Coach Swanson also has a deep bench, which he utilizes, even as ACC play has begun. He regularly plays 19–20 players a game, whereas most other teams we’ve played have featured 14–18 players per game. This is important because the NCAA soccer seasons, for both men and women, are quite compressed. Before the Hurricane Florence-induced postponement of our game with Virginia Tech, we opened the season playing seven games in 22 days. Our ACC slate will see the women play 10 games in 35 days. This is too much. Women suffer ACL tears and concussions at greater rates than men and we’re doing a disservice to our female student athletes by playing such a schedule. Should the inevitable injury occur, though, we should have the depth to withstand most injuries.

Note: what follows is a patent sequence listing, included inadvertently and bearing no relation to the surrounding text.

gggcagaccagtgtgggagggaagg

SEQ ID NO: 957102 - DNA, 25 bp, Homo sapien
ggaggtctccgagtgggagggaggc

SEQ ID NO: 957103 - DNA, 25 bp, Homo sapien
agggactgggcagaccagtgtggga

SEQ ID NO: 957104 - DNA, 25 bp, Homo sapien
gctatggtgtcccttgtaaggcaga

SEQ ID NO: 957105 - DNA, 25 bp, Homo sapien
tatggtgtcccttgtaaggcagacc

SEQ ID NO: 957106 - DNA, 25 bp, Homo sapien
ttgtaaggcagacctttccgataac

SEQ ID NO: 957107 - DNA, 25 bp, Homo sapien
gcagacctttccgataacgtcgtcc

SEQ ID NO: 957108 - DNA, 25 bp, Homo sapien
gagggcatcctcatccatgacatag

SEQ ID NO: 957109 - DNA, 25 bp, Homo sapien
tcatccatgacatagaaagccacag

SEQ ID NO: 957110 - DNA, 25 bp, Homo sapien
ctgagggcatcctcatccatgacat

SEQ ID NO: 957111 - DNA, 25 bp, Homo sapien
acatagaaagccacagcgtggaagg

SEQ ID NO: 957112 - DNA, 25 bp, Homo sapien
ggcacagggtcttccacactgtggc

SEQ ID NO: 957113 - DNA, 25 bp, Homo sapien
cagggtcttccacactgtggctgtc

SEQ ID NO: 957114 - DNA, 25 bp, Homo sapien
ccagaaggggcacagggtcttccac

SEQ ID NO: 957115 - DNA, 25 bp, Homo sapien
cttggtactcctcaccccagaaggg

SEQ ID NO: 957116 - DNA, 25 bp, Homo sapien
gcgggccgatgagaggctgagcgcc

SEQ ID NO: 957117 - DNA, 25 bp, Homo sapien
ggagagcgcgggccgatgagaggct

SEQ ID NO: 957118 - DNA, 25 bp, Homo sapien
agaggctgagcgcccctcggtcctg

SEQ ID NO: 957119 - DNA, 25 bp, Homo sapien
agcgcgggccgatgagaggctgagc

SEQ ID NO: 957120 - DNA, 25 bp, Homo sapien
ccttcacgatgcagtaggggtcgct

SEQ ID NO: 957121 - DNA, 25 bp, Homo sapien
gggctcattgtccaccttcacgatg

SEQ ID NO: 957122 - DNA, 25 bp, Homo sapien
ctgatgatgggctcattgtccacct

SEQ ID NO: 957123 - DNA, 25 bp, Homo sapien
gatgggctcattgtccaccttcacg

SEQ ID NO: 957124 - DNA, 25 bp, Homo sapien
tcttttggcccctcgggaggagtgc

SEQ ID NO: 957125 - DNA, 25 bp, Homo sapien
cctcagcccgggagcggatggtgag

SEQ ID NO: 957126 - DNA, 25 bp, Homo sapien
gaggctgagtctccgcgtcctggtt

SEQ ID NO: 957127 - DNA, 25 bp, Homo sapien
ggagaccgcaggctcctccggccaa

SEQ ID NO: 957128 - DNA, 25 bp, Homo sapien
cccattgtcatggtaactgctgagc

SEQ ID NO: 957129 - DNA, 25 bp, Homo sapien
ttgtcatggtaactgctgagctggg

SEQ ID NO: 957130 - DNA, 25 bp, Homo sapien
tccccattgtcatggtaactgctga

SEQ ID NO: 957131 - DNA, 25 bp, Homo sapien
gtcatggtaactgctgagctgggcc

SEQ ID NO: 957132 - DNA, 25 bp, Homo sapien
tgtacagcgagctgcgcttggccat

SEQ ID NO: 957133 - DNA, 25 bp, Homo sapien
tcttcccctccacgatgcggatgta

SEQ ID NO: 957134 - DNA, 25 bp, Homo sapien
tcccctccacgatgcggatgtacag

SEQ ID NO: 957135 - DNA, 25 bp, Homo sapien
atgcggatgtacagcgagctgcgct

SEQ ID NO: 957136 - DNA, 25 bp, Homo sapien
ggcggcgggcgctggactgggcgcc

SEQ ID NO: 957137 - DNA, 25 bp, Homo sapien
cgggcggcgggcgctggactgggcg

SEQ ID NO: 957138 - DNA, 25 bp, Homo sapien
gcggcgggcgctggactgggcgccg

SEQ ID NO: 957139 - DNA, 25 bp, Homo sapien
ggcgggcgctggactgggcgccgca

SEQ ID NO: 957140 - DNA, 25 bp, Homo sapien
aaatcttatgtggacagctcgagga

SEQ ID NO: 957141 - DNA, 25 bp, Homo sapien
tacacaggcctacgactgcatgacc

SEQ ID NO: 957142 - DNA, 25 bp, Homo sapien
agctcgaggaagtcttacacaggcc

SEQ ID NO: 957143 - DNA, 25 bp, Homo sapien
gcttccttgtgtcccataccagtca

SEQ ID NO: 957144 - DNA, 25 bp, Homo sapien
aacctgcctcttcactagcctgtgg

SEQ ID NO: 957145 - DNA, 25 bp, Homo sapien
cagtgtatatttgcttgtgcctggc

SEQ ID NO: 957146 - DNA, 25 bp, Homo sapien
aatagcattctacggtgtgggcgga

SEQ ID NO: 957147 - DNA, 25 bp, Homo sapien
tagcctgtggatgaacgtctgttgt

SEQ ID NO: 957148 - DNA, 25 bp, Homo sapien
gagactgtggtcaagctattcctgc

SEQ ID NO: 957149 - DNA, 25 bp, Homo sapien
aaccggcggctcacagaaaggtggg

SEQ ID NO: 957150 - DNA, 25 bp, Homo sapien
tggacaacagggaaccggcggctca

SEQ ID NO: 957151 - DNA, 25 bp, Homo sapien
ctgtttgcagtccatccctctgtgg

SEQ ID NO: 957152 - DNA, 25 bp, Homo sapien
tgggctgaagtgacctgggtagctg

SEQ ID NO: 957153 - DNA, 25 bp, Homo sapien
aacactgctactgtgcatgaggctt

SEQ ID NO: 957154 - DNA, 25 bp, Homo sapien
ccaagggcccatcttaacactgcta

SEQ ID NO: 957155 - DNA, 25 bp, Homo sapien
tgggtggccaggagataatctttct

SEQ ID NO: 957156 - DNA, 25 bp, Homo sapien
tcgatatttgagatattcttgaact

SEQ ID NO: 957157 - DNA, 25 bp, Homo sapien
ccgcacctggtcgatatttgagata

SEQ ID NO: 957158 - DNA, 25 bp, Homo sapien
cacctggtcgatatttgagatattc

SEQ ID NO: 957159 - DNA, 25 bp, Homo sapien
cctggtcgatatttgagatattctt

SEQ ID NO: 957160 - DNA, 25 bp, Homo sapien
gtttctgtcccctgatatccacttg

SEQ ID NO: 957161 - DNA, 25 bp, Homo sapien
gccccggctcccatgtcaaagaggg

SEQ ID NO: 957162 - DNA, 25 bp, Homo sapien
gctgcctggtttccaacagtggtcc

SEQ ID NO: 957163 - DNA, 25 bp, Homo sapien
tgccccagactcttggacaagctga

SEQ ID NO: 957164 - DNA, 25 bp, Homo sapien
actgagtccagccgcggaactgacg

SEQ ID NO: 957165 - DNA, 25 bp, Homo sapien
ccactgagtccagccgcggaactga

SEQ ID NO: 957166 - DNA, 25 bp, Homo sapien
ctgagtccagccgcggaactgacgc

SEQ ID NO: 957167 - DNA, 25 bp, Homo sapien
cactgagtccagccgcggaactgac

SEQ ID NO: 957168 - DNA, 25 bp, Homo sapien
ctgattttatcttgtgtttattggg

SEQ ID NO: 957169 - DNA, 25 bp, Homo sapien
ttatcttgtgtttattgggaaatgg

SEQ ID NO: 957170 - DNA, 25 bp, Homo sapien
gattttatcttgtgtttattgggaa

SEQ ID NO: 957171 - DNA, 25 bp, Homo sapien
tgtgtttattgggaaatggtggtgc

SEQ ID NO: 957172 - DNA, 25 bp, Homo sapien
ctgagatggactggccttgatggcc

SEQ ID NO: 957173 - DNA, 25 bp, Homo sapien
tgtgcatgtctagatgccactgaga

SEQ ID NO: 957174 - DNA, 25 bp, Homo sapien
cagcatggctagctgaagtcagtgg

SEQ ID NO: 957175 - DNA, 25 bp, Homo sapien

If we do have a weakness, it is that our team speed is not great. Freshman Rebecca Jarrett, currently our leading scorer with 5 goals, has jets. Senior defender Hana Kerner is quick, and she’s raced in the Penn Relays. And that’s it, as far as I can tell. While we have only one player who I would describe as slowish, redshirt sophomore Lizzi Sieracki, central defenders Phoebe McClernon (our most important player to date) and Zoe Morse do not have the pace to cover long balls played deep behind Sieracki.